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Singapore - Crime and Safety

In general, Singapore is not a dangerous country. In fact, the Political and Economic Risk Consultancy (PERC) called Singapore is the 2nd least risky country in Asia in 2010. It is also considered to be one of the “least corrupt” cities in the world. Although there are many fines in place for smoking in public, jaywalking, chewing gum, it has an extremely low crime rate.

If you have any trouble, you should call 999 for immediate help. However, 999 should only be called if it is a true emergency. A true emergency is classified as seeing a crime in progress, if someone has been seriously injured, is a further crime might be committed, if you know where someone who is suspected of a crime is, or if you observe a suspicious person in a public place.

Some of the most common crimes in Singapore include petty crime such as street theft and pickpocketing. This generally occurs at places such as tourist destinations, public transportation, and airports. Mobile phones were once one of the main targets of robberies, but the Singapore Police Force reports that these crimes have been reduced thanks to stricter law enforcement and awareness. It is very rare to hear about violent crime in Singapore.

There aren’t many drug related crimes in Singapore, either. Because the country is a financial services and transportation center, however, it can be a venue for money laundering. Other financial crimes are also on the rise and, in fact, the Global Economic Crime Survey in 2007 reported that nearly 19% of the companies in Singapore have been victims of economic crime. Some of these crimes include money laundering, IP infringement, bribery, and corruption.

There is a threat of terrorist attacks in Singapore, seeing as to how it is a financial center. Terrorists can target foreigners as well as major financial institutions and well-known national sights. However, the threat of these attacks is not any more significant than it is in other major cities around the world.

In 2008, there were only 8 homicide cases and all of them were solved. There were also a few cases of rape and motor vehicle thefts. Phone scams, crimes against the elderly and theft from vehicles are rare but do happen.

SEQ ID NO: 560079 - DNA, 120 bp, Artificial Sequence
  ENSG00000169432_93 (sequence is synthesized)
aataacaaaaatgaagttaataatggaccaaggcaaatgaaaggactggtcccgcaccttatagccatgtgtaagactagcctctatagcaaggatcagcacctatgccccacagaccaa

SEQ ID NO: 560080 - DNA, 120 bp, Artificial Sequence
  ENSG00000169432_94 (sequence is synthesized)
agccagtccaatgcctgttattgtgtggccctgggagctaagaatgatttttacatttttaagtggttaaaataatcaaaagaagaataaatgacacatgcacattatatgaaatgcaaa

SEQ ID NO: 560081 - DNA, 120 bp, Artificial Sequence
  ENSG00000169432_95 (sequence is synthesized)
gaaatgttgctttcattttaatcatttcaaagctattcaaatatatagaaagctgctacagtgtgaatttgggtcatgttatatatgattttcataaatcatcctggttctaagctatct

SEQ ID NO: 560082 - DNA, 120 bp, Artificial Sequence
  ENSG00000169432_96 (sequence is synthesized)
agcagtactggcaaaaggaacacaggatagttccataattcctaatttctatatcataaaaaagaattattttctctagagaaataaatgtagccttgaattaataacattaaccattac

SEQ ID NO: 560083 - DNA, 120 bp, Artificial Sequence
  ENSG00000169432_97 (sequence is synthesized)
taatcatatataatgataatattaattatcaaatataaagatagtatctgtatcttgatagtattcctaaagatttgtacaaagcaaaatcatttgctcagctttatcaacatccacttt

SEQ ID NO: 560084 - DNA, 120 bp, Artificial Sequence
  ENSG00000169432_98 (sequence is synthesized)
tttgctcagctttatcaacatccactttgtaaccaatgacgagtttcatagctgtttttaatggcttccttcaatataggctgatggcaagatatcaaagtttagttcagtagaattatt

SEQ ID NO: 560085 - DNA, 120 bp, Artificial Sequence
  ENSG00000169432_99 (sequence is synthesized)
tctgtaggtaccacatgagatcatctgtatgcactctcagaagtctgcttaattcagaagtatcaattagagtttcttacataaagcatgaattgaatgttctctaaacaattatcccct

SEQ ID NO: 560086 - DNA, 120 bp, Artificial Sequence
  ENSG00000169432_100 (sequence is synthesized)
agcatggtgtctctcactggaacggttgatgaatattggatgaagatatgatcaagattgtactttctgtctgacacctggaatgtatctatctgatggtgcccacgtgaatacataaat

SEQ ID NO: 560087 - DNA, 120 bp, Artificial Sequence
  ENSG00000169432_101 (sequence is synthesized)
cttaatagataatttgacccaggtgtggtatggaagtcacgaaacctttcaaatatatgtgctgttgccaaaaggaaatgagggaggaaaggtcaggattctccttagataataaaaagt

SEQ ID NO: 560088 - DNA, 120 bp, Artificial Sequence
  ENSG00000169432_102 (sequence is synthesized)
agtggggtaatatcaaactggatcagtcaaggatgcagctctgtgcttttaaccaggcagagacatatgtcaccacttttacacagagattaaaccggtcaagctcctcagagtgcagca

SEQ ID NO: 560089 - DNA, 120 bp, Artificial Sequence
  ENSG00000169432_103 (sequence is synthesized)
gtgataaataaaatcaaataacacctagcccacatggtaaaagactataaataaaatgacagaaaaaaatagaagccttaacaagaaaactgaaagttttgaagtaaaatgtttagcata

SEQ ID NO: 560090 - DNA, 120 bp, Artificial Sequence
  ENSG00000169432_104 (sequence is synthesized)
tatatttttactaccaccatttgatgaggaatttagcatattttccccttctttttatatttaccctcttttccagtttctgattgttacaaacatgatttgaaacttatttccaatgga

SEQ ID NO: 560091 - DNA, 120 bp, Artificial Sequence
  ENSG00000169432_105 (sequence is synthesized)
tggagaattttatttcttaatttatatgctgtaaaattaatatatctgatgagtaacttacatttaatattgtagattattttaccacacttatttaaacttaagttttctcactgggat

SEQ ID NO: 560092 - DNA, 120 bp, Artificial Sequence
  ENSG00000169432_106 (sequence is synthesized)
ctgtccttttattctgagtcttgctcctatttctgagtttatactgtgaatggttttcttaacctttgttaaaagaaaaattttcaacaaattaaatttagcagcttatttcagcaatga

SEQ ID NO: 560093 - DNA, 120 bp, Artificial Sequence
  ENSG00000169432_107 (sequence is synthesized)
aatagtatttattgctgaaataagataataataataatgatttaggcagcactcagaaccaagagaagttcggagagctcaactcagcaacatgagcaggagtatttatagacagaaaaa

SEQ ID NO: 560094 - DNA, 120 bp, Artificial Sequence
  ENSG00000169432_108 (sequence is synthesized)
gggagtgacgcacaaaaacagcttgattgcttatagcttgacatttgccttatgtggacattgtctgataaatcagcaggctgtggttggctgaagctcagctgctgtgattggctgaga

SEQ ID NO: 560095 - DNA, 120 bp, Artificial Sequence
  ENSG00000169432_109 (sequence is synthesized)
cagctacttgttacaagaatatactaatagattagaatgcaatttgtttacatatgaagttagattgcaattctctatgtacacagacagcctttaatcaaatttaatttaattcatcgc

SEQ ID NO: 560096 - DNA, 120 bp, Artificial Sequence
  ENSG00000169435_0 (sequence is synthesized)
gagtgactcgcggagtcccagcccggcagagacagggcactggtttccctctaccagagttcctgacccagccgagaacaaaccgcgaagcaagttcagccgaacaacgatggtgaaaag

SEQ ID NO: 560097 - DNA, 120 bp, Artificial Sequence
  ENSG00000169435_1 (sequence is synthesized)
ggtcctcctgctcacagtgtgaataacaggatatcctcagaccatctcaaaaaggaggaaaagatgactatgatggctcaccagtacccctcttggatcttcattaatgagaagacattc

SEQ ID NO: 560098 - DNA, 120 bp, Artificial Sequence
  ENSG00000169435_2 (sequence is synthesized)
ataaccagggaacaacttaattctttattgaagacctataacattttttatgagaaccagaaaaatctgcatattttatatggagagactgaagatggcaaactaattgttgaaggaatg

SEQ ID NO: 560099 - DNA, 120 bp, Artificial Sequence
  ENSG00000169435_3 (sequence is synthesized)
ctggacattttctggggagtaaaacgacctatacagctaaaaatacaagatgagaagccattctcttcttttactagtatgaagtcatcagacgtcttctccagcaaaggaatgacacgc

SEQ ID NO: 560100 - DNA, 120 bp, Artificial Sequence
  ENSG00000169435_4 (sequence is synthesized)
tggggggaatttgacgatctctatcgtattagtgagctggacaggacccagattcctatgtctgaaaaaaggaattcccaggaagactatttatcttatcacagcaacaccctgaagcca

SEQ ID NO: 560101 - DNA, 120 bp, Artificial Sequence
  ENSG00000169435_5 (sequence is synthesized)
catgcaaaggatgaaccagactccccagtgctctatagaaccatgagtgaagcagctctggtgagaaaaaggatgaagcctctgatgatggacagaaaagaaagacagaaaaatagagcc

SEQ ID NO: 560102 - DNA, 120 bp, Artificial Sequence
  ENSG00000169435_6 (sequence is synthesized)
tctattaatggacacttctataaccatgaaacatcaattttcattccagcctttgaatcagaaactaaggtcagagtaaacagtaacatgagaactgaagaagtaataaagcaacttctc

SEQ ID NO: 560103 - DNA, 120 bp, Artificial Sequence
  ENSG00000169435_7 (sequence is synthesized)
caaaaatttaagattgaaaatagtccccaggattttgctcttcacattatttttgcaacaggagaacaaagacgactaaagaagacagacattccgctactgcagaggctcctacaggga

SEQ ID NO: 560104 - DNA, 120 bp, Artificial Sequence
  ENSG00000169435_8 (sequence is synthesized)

If you plan on visiting Singapore, it is not necessary to register with your foreign embassy but many people do. It is advisable to do this if you plan on staying there, or living there, for an extended period of time. If you’re from the United States then enrolling in the Smart Traveler Enrollment Program can keep you up-to-date with important safety and security announcements. Enrolling will also help your friends and family get in touch with you in an emergency.

The U.S. Embassy
27 Napier Road, Singapore 258508
Telephone: [65] 6476-9100
Facsimile: [65] 6476-9340
Emergency after-hours telephone: [65] 6476-9100

British High Commission in Singapore
100 Tanglin Road
Singapore 247919

If you are a victim of a crime then you should report it to the local police as well as to your embassy. An embassy or consulate can help you replace a stolen passport, help you find medical care in cases of violent crimes, put you in contact with police authorities, and help you understand the legal system and direct you to attorneys.

When you’re in a foreign country, you’re subject to their laws as well as their penalties. There are quite a few laws ignorance of could get you in trouble. Of course, driving under the influence of alcohol can get you arrested, but you might be taken in for questioning if you are caught without proper identification on your (including your passport). You can also be arrested for spitting, jaywalking, or littering. Vandalism incurs a mandatory caning sentence, although these are not imposed on foreign nationals. Many narcotic offenses carry a mandatory death sentence.

The Singapore Police Force, or SPF, are responsible for maintaining law and order in Singapore. Police officers are armed when conducting regular uniformed patrols and plainclothes duties. They also carry batons and handcuffs. Citizens do not carry firearms.

Read more about this country

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